So what does that mean for me, for you, for your patients? Well I guess you have to decide where the line of acceptable risk lies – is 2.7% an acceptable risk to take not to do a CT (or between 2.1 and 3.6% given those 95% Confidence limits)? Given the adverse events included death? For me I’ll probably err on the side of recommending scan, but sharing that decision making with the patient and their family – we now have some amazingly useful numbers to talk to them about. Sue has resolved to go back to the original data and let us know what the breakdown within the adverse event group was – but it comes with a warning – the study wasn’t powered for the individual events so the significance of those individual results cant be relied upon as happening for anything other than chance.
I’m really interested to hear more on the evidence on the effect of INR in head injury as based on these numbers there seems to be no merit in performing one in those from this ‘low risk’ group. Let me knwo in the comments below if you routinely perform an INR test on all warfarinised patients.
If you want to drill down further into the subgroups of patients based on GCS and different neuro symptoms then make sure you read the whole paper, I’d also have a listen to Simon Laing discussing the paper on his podcast here.
But what about Doris and others like her, who probably aren’t neurosurgical candidates and have significant comorbidities? Whats the benefit of detecting something on CT? Well, for me, it’s the ability to tell her and her family she has a bleed that may worsen her quality of life and shorten her life, and that she may experience some neurological symptoms, even if insignificant to me as a clinician, i.e. not ‘testable in an ED – they may well be to her and her family, she may be more forgetful, or have personality change and impaired concentration that perpetuates.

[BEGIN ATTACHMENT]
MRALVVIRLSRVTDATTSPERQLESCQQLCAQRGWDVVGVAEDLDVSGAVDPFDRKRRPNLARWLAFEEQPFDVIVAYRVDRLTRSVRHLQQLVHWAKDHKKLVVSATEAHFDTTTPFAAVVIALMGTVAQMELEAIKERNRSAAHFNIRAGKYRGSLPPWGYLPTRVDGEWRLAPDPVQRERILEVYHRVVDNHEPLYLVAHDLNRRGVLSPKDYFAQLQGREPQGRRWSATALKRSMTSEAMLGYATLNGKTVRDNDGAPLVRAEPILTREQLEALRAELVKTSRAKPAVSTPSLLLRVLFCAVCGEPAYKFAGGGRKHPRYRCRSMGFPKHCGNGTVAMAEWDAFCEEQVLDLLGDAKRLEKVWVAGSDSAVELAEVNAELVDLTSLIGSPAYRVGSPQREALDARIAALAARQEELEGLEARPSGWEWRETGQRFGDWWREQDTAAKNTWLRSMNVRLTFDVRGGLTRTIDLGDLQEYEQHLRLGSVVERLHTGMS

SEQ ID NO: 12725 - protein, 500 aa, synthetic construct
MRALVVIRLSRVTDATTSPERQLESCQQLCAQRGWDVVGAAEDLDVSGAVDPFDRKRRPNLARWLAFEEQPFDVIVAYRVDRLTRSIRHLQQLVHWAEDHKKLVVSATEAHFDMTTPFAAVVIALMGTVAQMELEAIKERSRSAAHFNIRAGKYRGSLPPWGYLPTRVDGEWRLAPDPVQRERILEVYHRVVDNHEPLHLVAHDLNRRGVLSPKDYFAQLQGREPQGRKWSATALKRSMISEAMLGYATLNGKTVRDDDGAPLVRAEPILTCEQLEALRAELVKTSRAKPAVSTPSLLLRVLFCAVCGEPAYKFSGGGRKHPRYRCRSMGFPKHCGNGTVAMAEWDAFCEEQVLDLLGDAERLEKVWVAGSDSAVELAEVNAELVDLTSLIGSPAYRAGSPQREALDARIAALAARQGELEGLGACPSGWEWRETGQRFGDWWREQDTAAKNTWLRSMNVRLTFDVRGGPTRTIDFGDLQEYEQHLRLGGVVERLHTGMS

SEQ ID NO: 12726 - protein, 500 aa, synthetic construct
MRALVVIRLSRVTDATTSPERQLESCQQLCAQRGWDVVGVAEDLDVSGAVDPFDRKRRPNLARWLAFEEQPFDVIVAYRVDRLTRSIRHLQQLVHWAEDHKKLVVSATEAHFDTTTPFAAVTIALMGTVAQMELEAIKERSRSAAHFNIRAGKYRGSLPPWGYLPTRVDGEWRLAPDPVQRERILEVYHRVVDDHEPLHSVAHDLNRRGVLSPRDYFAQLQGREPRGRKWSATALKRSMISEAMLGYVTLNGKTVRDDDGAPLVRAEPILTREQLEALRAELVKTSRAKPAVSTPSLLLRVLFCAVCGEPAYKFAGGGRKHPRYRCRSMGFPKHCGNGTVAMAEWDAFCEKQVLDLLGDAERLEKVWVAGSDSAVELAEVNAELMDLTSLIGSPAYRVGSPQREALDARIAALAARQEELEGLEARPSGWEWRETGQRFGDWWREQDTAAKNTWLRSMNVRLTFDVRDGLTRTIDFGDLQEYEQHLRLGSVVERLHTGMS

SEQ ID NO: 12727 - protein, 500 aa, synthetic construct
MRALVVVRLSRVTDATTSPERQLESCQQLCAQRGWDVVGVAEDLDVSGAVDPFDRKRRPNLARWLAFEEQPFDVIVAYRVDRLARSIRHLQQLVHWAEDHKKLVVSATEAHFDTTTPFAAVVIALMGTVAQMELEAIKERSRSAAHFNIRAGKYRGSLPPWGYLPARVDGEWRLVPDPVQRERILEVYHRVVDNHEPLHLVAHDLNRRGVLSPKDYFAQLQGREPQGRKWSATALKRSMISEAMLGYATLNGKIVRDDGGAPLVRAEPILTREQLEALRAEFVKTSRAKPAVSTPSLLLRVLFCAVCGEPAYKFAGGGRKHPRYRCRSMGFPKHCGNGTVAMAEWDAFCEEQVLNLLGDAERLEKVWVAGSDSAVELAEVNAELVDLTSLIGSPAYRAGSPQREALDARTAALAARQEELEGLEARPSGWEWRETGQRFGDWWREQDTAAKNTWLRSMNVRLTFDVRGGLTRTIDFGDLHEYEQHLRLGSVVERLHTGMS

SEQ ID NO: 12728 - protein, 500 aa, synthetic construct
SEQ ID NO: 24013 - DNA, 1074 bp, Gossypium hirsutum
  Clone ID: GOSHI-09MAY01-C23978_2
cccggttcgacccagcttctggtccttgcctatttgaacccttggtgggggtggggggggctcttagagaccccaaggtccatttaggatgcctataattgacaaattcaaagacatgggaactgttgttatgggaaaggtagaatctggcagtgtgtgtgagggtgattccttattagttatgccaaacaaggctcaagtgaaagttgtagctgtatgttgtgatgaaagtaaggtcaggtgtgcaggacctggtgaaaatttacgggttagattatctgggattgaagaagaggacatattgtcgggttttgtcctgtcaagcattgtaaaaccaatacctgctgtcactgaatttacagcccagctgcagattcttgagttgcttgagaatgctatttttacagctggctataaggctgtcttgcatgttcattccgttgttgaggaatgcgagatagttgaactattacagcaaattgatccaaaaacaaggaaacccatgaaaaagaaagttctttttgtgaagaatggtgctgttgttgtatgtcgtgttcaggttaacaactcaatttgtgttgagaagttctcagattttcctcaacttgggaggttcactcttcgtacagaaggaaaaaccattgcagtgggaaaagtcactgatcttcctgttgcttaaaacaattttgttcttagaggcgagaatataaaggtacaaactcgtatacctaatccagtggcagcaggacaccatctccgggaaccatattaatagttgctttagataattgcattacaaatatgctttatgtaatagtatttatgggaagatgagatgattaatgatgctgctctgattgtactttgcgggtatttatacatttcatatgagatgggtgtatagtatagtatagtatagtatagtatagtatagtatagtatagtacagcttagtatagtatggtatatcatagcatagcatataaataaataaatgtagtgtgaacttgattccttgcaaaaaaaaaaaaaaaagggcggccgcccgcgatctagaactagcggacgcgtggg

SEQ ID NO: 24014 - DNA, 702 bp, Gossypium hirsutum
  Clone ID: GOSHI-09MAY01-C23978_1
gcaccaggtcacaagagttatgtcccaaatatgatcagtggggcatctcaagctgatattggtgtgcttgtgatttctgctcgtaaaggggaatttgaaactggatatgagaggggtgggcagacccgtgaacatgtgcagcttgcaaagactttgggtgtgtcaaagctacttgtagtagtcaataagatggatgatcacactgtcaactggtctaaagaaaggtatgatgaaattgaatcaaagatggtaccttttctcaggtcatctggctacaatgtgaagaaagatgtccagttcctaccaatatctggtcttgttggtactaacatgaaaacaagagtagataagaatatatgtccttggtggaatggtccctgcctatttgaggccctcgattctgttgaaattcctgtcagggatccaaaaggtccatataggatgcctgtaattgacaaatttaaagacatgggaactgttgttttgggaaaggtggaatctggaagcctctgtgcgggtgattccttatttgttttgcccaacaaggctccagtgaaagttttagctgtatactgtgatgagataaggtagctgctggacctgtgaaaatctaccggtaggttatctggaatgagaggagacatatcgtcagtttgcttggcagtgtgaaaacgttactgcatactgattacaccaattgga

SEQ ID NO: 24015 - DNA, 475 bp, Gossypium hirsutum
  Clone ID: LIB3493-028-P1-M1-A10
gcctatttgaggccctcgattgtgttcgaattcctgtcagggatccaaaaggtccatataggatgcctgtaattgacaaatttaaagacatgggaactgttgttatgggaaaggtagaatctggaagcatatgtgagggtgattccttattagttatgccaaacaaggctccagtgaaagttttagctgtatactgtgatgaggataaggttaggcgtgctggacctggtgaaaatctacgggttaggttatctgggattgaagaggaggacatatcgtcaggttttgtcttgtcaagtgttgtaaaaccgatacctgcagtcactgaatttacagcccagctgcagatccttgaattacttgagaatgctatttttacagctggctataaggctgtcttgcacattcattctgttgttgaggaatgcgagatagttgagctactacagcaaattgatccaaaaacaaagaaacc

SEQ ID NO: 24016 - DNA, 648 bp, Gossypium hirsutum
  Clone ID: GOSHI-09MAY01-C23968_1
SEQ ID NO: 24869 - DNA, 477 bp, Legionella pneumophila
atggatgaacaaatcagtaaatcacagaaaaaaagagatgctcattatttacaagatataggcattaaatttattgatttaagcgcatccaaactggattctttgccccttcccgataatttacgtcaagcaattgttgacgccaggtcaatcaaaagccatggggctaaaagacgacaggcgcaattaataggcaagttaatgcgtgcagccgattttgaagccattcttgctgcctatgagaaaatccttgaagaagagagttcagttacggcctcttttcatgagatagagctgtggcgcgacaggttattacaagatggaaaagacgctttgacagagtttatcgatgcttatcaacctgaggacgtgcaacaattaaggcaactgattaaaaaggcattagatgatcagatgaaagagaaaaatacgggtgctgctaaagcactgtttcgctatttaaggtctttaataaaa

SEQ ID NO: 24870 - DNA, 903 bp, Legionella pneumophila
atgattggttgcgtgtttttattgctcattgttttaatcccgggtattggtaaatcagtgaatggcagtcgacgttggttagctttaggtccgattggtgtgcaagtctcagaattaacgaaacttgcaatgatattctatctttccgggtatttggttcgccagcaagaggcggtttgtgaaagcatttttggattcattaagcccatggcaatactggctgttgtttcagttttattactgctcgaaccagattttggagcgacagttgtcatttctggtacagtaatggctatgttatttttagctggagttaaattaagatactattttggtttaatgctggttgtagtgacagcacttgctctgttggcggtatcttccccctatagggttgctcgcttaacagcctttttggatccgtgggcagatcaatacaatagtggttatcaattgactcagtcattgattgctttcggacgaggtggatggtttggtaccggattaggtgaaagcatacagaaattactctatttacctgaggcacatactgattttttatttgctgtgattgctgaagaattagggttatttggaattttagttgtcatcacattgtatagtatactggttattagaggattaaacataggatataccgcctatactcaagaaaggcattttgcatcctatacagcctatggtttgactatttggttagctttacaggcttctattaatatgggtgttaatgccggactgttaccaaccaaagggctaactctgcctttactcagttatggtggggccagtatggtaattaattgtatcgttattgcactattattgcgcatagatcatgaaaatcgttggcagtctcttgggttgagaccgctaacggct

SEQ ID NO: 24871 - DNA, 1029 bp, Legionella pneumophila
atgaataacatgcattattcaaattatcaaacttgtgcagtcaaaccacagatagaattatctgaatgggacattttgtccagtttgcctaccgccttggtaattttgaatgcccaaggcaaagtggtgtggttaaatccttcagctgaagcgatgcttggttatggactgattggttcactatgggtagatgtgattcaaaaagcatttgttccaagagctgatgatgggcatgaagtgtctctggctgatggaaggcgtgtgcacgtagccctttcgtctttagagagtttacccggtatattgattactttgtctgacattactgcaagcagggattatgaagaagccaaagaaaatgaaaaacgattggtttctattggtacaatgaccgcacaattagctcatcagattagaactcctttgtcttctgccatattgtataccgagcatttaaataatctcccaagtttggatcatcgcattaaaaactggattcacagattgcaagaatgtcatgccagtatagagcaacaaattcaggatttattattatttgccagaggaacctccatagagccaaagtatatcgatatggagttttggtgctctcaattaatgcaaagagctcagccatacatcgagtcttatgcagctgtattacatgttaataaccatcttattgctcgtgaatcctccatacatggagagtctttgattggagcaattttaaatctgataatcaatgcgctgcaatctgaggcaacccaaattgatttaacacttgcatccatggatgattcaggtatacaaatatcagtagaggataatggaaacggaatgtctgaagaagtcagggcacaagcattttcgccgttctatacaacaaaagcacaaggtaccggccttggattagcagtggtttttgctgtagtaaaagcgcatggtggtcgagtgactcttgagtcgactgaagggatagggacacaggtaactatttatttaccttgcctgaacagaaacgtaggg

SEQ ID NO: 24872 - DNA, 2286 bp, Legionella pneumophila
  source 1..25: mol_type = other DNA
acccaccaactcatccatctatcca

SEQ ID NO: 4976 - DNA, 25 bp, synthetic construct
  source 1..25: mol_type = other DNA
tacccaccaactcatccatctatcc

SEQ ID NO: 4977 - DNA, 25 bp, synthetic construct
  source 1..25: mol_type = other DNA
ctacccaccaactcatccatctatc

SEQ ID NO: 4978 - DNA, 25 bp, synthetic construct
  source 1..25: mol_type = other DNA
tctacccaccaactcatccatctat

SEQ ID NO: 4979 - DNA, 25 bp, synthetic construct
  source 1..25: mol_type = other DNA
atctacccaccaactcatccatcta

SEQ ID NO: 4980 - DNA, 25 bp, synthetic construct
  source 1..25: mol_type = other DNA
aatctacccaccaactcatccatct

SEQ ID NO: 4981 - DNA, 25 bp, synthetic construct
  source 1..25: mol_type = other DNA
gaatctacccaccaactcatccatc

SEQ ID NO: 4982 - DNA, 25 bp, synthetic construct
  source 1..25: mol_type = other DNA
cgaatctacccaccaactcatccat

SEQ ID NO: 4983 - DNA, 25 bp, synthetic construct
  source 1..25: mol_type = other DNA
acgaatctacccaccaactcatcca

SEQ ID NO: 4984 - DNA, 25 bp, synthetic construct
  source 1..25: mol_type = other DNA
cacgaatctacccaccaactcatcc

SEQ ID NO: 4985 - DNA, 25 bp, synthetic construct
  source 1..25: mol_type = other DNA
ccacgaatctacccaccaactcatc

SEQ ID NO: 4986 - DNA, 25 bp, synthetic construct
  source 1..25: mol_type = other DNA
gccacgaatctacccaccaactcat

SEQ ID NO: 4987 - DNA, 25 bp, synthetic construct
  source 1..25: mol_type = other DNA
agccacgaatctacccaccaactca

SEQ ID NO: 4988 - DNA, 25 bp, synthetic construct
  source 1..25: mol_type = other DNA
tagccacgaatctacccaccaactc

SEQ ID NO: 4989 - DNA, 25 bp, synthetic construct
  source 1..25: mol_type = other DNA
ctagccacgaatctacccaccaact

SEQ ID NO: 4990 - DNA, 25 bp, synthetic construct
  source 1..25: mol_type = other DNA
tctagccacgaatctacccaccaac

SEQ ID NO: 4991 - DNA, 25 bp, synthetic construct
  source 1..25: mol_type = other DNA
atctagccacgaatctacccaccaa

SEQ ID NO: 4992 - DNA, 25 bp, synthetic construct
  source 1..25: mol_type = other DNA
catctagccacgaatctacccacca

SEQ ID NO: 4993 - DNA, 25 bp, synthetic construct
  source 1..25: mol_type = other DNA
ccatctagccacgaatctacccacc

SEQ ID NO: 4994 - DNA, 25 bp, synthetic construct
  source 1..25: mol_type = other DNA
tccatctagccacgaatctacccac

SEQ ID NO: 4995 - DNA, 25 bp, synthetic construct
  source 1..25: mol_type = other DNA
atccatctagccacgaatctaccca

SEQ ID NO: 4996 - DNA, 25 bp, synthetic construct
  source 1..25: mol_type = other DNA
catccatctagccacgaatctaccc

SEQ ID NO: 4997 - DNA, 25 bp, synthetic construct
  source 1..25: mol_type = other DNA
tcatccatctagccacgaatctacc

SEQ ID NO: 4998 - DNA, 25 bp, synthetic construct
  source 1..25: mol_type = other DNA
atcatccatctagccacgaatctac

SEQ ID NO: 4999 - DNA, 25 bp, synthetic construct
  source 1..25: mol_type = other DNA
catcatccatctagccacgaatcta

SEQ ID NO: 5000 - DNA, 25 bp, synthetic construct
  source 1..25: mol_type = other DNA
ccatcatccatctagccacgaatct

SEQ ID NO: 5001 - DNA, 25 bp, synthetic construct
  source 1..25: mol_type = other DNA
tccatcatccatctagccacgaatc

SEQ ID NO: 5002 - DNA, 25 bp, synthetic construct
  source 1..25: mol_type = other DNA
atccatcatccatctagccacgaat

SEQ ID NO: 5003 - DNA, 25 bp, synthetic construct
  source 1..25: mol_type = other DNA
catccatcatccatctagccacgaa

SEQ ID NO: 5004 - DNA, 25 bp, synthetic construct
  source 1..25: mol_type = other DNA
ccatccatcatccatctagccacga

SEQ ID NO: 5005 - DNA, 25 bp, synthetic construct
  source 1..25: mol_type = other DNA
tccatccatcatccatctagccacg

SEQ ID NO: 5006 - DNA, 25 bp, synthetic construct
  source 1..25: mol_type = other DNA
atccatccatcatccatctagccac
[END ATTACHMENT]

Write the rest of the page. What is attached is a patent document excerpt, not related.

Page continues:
There are a few questions for me coming out of this paper.
What about patients on NOACs? Can we extrapolate the findings to them? I’m not sure we know the answer to that yet, it may be that these patients find their way into AHEAD2 (if such a thing comes to exist!!).
Where would the level of risk be now in 2017 with a ‘scan al’ approach as dictated by NICE? perhaps lower? Maybe.
How reliable were the clinical notes that were retrospectively analysed. Only 91% had a GCS documented and significant number had missing data on neurological symptoms (especially amnesia) – which they tried to mitigate through multiple imputations (filling in the gaps). I dont think this taints the results but it is something that highlights a flaw in retrospective cohort studies.
In reality I think this is an incredibly useful paper and the data could and should be used as part of your shared decision making process with patients after they’ve suffered a head injury, but with an adverse event rate of around 2.7% in those who have no symptoms I don’t think I’ll push to avoid scanning yet.
You can download the one minute wonder
Thanks for reading
Keep fighting the good fight
The AHEAD Study